The electric field distribution at apertures of waveguide for square, trapezoidal and clipped sine excitations have been normalized with respect to the maximum aperture field strength and are shown in Figures 2-4 respectively. The figures show that the aperture electric field distributions are not purely sinusoidal. This is due to the presence of the higher order modes in the guide. However as the excitation changes from square to clipped sine wave it become more sinusoidal. This is because of the rapid convergence of the Fourier series and hence presence of lesser number of modes.

If we set the rise/fall time of the broken sine wave equal to T/4 then the excitation function changes to a sinusoid excitation. The dominant mode reflection coefficient (magnitude), VSWR and transmission coefficient for such case have been computed using Equations (24) and (25) and compared with the available theoretical data in _{11}|, VSWR and |S_{21}| are not shown in

The paper presents a methodology to find the aperture electric field distribution in the waveguide for square, trapezoidal and clipped sine wave excitation. The methodology is general and can be extended to other waveguide circuits excited by any deterministic and periodic waveform that can be extended in Fourier series.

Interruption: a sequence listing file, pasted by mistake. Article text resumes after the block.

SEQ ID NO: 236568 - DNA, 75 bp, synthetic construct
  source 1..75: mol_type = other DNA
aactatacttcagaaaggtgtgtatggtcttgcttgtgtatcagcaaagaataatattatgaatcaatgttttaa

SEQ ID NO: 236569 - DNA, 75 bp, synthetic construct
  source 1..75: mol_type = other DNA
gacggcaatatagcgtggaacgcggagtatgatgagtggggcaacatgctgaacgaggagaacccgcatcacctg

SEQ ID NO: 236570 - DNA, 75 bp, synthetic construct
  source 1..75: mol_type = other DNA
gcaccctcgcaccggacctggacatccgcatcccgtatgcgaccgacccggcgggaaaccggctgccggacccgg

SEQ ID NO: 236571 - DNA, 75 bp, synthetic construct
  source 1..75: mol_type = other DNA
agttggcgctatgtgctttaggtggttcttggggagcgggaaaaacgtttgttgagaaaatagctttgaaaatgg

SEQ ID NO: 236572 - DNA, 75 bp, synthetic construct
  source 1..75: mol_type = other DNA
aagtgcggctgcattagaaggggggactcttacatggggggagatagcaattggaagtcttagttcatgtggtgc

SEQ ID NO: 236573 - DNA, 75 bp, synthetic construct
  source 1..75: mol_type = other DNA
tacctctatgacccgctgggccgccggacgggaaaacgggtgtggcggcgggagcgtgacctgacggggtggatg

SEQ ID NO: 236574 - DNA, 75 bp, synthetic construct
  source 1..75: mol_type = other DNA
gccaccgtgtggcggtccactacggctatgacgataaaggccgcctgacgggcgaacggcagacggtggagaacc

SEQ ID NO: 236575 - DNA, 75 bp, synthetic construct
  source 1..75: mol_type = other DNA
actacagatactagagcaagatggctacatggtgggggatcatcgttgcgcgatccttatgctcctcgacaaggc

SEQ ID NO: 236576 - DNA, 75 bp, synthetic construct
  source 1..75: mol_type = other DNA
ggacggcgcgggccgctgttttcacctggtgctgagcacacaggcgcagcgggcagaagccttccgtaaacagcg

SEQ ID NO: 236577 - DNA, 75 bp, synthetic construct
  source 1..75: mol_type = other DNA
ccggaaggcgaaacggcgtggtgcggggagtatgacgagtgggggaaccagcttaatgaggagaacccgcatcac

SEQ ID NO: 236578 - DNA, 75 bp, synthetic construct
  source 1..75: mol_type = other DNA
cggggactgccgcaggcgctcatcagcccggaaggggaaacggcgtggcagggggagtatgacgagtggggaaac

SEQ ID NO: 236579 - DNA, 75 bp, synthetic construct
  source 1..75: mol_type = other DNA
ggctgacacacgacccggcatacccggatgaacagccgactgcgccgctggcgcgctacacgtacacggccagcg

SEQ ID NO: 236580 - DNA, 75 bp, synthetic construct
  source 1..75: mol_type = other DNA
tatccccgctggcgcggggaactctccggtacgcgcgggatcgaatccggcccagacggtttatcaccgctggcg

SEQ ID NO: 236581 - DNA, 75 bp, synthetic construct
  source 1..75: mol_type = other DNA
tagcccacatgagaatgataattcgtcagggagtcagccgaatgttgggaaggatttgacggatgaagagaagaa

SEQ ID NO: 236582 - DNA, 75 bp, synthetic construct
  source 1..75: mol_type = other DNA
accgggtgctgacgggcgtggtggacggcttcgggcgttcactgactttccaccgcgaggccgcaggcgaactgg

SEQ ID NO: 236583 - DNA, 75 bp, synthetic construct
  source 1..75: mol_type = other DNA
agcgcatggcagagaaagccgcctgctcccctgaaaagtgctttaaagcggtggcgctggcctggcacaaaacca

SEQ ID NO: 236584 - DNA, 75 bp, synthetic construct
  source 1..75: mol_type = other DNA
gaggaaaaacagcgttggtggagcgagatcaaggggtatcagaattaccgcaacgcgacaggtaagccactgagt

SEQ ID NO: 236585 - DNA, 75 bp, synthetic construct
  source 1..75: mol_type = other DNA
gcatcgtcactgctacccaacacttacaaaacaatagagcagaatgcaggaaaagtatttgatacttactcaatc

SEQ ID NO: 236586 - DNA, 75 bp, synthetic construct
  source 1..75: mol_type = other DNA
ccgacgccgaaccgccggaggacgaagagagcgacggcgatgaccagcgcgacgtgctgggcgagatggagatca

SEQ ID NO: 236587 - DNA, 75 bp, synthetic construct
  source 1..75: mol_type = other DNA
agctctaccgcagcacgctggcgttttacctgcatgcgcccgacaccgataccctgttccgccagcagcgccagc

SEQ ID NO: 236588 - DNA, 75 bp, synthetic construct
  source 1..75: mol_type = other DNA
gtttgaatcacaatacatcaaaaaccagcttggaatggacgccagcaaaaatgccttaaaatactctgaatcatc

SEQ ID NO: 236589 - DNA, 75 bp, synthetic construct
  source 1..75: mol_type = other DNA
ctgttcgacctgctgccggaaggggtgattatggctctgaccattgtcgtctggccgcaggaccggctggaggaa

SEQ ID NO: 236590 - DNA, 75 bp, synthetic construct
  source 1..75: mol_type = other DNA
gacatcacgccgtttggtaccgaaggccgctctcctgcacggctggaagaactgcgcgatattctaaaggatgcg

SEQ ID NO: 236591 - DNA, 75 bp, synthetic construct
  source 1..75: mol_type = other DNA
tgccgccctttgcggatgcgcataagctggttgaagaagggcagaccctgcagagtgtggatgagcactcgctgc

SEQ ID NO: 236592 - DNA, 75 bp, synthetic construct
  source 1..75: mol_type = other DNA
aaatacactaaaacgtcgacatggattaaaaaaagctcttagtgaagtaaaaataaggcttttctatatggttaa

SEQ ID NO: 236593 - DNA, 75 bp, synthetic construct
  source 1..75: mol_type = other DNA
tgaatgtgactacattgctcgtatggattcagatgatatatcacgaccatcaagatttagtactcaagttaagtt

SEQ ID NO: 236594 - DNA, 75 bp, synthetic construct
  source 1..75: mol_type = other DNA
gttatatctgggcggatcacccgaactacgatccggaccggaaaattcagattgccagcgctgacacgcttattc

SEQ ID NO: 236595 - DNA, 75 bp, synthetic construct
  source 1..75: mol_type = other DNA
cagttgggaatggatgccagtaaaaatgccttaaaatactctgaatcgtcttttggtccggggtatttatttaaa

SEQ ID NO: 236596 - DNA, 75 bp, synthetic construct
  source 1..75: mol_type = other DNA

It should be that noted our main objective of the present work is to propose a methodology to find the aperture field distribution in a waveguide circuit for non sinusoidal periodic excitation. This is because if we can find the aperture field distribution then from it we can calculate the complete characteristic of the circuit under the given excitation.

The proposed theory can be extended for any arbitrary not periodic waveform also. However for such cases we must know the strengths of the individual mode existing within the circuit.

The proposed theory is also applicable to other rectangular waveguide based circuits under periodic/nonperiodic non-sinusoidal excitations.

The work is supported by Department of Science and Technology, Government of India and the authors wish to express their gratitude for this support.